31 August 2010 – Case of the Week #185

This email is only sent to subscribers. To subscribe or unsubscribe to this or our other email lists, click here.

All cases are archived on our website. To view them sorted by number, diagnosis or category, visit our Home Page and click on the Case of the Week button on the left hand side.

Thanks to Dr. Atif Ahmed, Children's Mercy Hospitals and Clinics, Kansas, Missouri (USA) for contributing this case and much of the discussion. To contribute a Case of the Week, follow the guidelines on our Case of the Week page.

Introducing EP Clones:
Rabbit Monoclonal Antibodies for Anatomic Pathology

As the leader of Rabbit Monoclonal Antibody (RabMAb®) technology, Epitomics is pleased to introduce EP Clones™, a new class of high quality antibodies for anatomic pathology. Using Epitomics’ patented technology, combining the high specificity of monoclonal antibodies with high affinity of rabbit antibodies, a group of RabMAbs were generated against popular and well-known pathology targets (e.g. Her2, ER, PR, Ki-67, CD Markers). Fully validated (ASR, IVD labeled), EP clones are ideal for FFPE tissues and shows superior specificity and sensitivity compared to traditional antibody options.

For more information contact us at 877-772-2622, IVDinfo@epitomics.com, or visit our website at http://www.epitomics.com/diagnostics.

Website news:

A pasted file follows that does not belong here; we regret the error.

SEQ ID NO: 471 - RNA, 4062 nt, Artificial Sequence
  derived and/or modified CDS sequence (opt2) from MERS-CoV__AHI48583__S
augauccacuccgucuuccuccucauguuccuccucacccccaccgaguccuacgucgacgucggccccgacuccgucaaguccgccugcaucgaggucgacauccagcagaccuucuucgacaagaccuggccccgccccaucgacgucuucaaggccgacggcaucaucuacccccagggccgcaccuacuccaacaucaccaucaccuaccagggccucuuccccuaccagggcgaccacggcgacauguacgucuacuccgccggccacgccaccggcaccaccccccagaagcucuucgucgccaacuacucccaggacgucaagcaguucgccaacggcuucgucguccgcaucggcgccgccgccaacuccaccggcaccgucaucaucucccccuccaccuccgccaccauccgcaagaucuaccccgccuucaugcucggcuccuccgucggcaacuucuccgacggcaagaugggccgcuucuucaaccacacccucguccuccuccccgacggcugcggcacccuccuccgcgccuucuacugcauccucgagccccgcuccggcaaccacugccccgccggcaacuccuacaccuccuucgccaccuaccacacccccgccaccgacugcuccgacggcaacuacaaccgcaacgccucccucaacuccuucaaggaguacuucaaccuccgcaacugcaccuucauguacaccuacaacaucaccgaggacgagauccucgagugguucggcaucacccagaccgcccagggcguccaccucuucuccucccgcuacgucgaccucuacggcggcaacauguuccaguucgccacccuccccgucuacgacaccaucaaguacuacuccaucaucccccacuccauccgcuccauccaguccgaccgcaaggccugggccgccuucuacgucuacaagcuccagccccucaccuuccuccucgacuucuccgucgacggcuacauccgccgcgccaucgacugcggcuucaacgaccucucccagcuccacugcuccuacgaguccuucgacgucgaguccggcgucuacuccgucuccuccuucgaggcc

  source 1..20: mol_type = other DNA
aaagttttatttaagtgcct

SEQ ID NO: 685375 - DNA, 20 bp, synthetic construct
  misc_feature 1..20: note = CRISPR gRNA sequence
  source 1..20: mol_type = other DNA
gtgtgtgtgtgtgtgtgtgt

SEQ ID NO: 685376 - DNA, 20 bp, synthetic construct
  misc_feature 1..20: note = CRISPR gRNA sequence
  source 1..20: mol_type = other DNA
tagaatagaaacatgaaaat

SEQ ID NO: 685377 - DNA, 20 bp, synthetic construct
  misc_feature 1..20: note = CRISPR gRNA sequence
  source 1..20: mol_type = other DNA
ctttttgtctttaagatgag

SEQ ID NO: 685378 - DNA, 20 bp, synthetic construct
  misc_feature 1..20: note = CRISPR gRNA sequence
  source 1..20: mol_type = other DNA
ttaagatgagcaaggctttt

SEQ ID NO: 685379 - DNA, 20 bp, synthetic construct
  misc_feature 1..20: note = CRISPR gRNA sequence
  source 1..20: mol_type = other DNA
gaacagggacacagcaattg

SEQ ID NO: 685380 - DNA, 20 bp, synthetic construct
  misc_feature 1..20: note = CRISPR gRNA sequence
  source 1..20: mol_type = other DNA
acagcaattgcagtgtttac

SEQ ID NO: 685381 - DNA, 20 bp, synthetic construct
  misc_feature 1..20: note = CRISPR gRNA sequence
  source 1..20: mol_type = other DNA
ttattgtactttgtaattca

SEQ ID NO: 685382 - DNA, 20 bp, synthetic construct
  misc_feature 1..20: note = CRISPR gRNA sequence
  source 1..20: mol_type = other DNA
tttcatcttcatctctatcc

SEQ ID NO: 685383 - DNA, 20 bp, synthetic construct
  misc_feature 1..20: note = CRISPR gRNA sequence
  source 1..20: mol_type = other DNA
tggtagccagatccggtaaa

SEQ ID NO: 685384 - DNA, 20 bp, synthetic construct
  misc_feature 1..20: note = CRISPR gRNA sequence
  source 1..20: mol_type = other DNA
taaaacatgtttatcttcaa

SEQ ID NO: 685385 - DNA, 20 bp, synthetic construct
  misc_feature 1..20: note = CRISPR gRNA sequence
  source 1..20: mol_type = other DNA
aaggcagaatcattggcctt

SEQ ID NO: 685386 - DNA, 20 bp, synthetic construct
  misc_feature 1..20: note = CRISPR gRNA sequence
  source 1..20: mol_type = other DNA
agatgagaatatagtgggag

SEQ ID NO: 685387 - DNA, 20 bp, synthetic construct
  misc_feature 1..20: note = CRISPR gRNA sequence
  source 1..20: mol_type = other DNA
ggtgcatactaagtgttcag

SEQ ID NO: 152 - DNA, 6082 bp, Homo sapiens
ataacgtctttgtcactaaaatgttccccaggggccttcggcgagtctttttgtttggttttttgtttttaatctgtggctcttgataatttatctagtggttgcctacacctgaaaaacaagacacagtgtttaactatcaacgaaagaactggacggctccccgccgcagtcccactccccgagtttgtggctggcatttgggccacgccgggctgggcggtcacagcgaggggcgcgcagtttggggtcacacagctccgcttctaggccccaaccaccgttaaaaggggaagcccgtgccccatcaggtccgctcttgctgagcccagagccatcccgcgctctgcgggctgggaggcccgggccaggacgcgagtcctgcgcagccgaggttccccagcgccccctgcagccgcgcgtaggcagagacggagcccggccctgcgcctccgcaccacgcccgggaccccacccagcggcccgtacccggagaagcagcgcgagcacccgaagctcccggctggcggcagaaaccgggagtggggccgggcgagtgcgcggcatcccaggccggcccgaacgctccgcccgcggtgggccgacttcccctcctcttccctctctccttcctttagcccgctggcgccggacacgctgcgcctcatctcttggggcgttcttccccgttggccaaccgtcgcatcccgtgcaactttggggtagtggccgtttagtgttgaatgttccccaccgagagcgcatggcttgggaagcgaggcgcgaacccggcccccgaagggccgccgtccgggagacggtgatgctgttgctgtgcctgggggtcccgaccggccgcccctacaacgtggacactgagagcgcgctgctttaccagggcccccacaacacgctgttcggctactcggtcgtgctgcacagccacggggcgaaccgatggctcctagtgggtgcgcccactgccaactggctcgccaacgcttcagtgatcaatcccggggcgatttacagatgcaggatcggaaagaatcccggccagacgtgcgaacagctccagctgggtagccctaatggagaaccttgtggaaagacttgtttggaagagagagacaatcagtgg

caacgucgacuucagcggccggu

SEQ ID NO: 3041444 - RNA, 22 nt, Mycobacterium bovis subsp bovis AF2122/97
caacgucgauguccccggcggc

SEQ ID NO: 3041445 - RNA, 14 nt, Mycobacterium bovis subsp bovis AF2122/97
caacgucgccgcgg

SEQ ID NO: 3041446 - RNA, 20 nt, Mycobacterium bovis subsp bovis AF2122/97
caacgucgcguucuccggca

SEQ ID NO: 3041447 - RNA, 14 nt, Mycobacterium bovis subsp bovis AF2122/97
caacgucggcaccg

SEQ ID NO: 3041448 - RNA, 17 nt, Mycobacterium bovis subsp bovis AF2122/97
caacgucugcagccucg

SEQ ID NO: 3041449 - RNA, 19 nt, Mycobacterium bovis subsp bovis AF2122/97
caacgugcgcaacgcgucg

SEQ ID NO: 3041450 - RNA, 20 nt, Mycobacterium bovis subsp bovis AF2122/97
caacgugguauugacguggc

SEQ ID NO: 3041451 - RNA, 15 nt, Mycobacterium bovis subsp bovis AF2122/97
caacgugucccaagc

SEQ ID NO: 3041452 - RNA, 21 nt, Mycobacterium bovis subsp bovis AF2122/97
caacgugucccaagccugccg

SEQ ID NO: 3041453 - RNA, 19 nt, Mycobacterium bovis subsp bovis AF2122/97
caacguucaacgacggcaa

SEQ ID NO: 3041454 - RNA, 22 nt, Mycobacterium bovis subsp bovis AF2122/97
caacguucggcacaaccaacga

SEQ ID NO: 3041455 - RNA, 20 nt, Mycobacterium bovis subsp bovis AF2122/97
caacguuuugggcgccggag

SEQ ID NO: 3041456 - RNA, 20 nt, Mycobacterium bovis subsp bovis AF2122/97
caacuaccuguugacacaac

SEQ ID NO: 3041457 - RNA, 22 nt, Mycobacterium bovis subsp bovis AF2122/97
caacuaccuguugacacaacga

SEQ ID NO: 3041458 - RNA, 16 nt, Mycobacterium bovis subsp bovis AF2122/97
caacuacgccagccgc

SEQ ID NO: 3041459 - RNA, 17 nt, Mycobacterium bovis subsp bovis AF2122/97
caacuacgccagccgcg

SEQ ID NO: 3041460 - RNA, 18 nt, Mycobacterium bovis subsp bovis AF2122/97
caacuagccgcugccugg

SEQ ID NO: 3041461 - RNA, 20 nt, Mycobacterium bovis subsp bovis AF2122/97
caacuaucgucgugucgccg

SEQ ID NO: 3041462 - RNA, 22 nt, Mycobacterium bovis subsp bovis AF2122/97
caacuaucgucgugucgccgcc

(1) We added a feature to the Conferences page to quickly see the new postings, in reverse date posted. This feature was already present on the Jobs and Fellowship pages.

(2) We are redesigning our textbook pages so they load faster, by pulling the images directly from the server, instead of making them part of our file. Let us know if you notice any problems.

(3) We continue to update our 5000+ topics on a regular basis. If you are interested in reviewing a topic, please email us your CV and let us know what chapter and topics you are interested in reviewing.

(4) You can receive a special saving pass which gives up to 25% off one item at any Macy's store or online on October 16, 2010, just for donating $5.00 or more to The Detroit College Promise, the scholarship program we sponsor. 100% of your donation is used for scholarships for our students. Of course, your donation is also tax deductible as allowed by law. Donate now by clicking here. Your savings pass will be mailed to you separately.

Case of the Week #185

Clinical History

A 5 month old boy presented with respiratory difficulty and stridor. A CT scan revealed a retropharyngeal mass. Excisional biopsy was performed and histologic sections are shown below (H&E, synaptophysin and NB-84). The tumor cells were immunoreactive for CD56, chromogranin and focally for neuron-specific enolase, and were negative for cytokeratin and CD45 (images not shown).

Micro images:


Synaptophysin and NB-84

What is your diagnosis?


Neuroblastoma - a surprising diagnosis for a retropharyngeal mass


Neuroblastoma is the most common extracerebral solid tumor in the pediatric population, accounting for 30% of tumors in infants (J Laryngol Otol 1985;99;209). It presents most commonly in the abdomen, particularly in the adrenal medulla, and head and neck presentation is rare with cervical disease in only 1% of pediatric cases. In the retropharyngeal region, there have been <20 reported cases of neuroblastoma in the English literature (J Pediatr Surg 1982;17;180). The clinical differential diagnosis of a non-infectious infantile retropharyngeal mass includes retropharyngeal fistula, pharyngeal dermoid, lymphatic malformation and neurofibroma.